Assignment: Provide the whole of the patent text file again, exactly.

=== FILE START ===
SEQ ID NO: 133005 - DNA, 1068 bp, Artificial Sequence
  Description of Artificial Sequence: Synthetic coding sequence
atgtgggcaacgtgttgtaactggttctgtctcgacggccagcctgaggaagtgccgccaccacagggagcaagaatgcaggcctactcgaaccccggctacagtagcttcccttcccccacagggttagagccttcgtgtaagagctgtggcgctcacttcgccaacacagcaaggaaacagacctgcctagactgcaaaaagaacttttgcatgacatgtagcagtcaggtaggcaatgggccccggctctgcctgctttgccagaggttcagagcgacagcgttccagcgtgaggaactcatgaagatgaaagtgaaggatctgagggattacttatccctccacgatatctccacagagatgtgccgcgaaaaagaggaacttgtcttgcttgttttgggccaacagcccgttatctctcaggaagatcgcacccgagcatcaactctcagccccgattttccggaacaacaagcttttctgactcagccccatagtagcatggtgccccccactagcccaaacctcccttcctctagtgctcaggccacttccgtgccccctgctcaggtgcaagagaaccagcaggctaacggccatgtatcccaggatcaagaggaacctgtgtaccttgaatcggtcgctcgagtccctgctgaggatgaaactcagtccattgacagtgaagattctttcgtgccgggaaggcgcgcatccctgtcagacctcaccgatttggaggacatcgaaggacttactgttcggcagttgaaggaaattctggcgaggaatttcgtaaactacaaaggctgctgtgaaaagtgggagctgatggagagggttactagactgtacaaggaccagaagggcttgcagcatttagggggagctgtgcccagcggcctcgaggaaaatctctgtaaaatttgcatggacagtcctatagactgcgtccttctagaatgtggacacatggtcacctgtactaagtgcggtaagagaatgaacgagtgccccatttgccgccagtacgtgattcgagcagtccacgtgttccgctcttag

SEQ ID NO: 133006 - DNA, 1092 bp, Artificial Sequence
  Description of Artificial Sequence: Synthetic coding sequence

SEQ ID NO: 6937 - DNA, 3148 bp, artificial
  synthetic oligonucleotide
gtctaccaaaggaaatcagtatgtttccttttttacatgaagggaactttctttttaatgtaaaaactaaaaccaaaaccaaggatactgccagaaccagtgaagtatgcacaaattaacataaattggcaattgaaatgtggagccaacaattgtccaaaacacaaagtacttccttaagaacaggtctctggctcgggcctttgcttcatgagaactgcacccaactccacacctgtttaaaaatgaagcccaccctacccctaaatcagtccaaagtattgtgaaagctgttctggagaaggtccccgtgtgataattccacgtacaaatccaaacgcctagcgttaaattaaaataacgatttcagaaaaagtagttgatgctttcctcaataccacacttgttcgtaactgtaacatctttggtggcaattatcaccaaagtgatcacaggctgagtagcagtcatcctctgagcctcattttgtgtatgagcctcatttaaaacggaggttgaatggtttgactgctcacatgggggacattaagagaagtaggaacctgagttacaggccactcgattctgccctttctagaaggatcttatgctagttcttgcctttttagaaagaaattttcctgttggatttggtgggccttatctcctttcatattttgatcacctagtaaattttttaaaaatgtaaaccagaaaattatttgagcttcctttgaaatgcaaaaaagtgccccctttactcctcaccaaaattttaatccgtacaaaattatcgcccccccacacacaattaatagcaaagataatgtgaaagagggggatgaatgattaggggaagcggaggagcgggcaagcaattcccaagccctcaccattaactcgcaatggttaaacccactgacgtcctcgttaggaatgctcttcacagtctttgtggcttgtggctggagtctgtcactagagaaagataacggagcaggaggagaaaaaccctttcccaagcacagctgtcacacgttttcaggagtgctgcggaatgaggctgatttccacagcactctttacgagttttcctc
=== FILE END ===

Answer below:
SEQ ID NO: 133005 - DNA, 1068 bp, Artificial Sequence
  Description of Artificial Sequence: Synthetic coding sequence
atgtgggcaacgtgttgtaactggttctgtctcgacggccagcctgaggaagtgccgccaccacagggagcaagaatgcaggcctactcgaaccccggctacagtagcttcccttcccccacagggttagagccttcgtgtaagagctgtggcgctcacttcgccaacacagcaaggaaacagacctgcctagactgcaaaaagaacttttgcatgacatgtagcagtcaggtaggcaatgggccccggctctgcctgctttgccagaggttcagagcgacagcgttccagcgtgaggaactcatgaagatgaaagtgaaggatctgagggattacttatccctccacgatatctccacagagatgtgccgcgaaaaagaggaacttgtcttgcttgttttgggccaacagcccgttatctctcaggaagatcgcacccgagcatcaactctcagccccgattttccggaacaacaagcttttctgactcagccccatagtagcatggtgccccccactagcccaaacctcccttcctctagtgctcaggccacttccgtgccccctgctcaggtgcaagagaaccagcaggctaacggccatgtatcccaggatcaagaggaacctgtgtaccttgaatcggtcgctcgagtccctgctgaggatgaaactcagtccattgacagtgaagattctttcgtgccgggaaggcgcgcatccctgtcagacctcaccgatttggaggacatcgaaggacttactgttcggcagttgaaggaaattctggcgaggaatttcgtaaactacaaaggctgctgtgaaaagtgggagctgatggagagggttactagactgtacaaggaccagaagggcttgcagcatttagggggagctgtgcccagcggcctcgaggaaaatctctgtaaaatttgcatggacagtcctatagactgcgtccttctagaatgtggacacatggtcacctgtactaagtgcggtaagagaatgaacgagtgccccatttgccgccagtacgtgattcgagcagtccacgtgttccgctcttag

SEQ ID NO: 133006 - DNA, 1092 bp, Artificial Sequence
  Description of Artificial Sequence: Synthetic coding sequence

SEQ ID NO: 6937 - DNA, 3148 bp, artificial
  synthetic oligonucleotide
gtctaccaaaggaaatcagtatgtttccttttttacatgaagggaactttctttttaatgtaaaaactaaaaccaaaaccaaggatactgccagaaccagtgaagtatgcacaaattaacataaattggcaattgaaatgtggagccaacaattgtccaaaacacaaagtacttccttaagaacaggtctctggctcgggcctttgcttcatgagaactgcacccaactccacacctgtttaaaaatgaagcccaccctacccctaaatcagtccaaagtattgtgaaagctgttctggagaaggtccccgtgtgataattccacgtacaaatccaaacgcctagcgttaaattaaaataacgatttcagaaaaagtagttgatgctttcctcaataccacacttgttcgtaactgtaacatctttggtggcaattatcaccaaagtgatcacaggctgagtagcagtcatcctctgagcctcattttgtgtatgagcctcatttaaaacggaggttgaatggtttgactgctcacatgggggacattaagagaagtaggaacctgagttacaggccactcgattctgccctttctagaaggatcttatgctagttcttgcctttttagaaagaaattttcctgttggatttggtgggccttatctcctttcatattttgatcacctagtaaattttttaaaaatgtaaaccagaaaattatttgagcttcctttgaaatgcaaaaaagtgccccctttactcctcaccaaaattttaatccgtacaaaattatcgcccccccacacacaattaatagcaaagataatgtgaaagagggggatgaatgattaggggaagcggaggagcgggcaagcaattcccaagccctcaccattaactcgcaatggttaaacccactgacgtcctcgttaggaatgctcttcacagtctttgtggcttgtggctggagtctgtcactagagaaagataacggagcaggaggagaaaaaccctttcccaagcacagctgtcacacgttttcaggagtgctgcggaatgaggctgatttccacagcactctttacgagttttcctc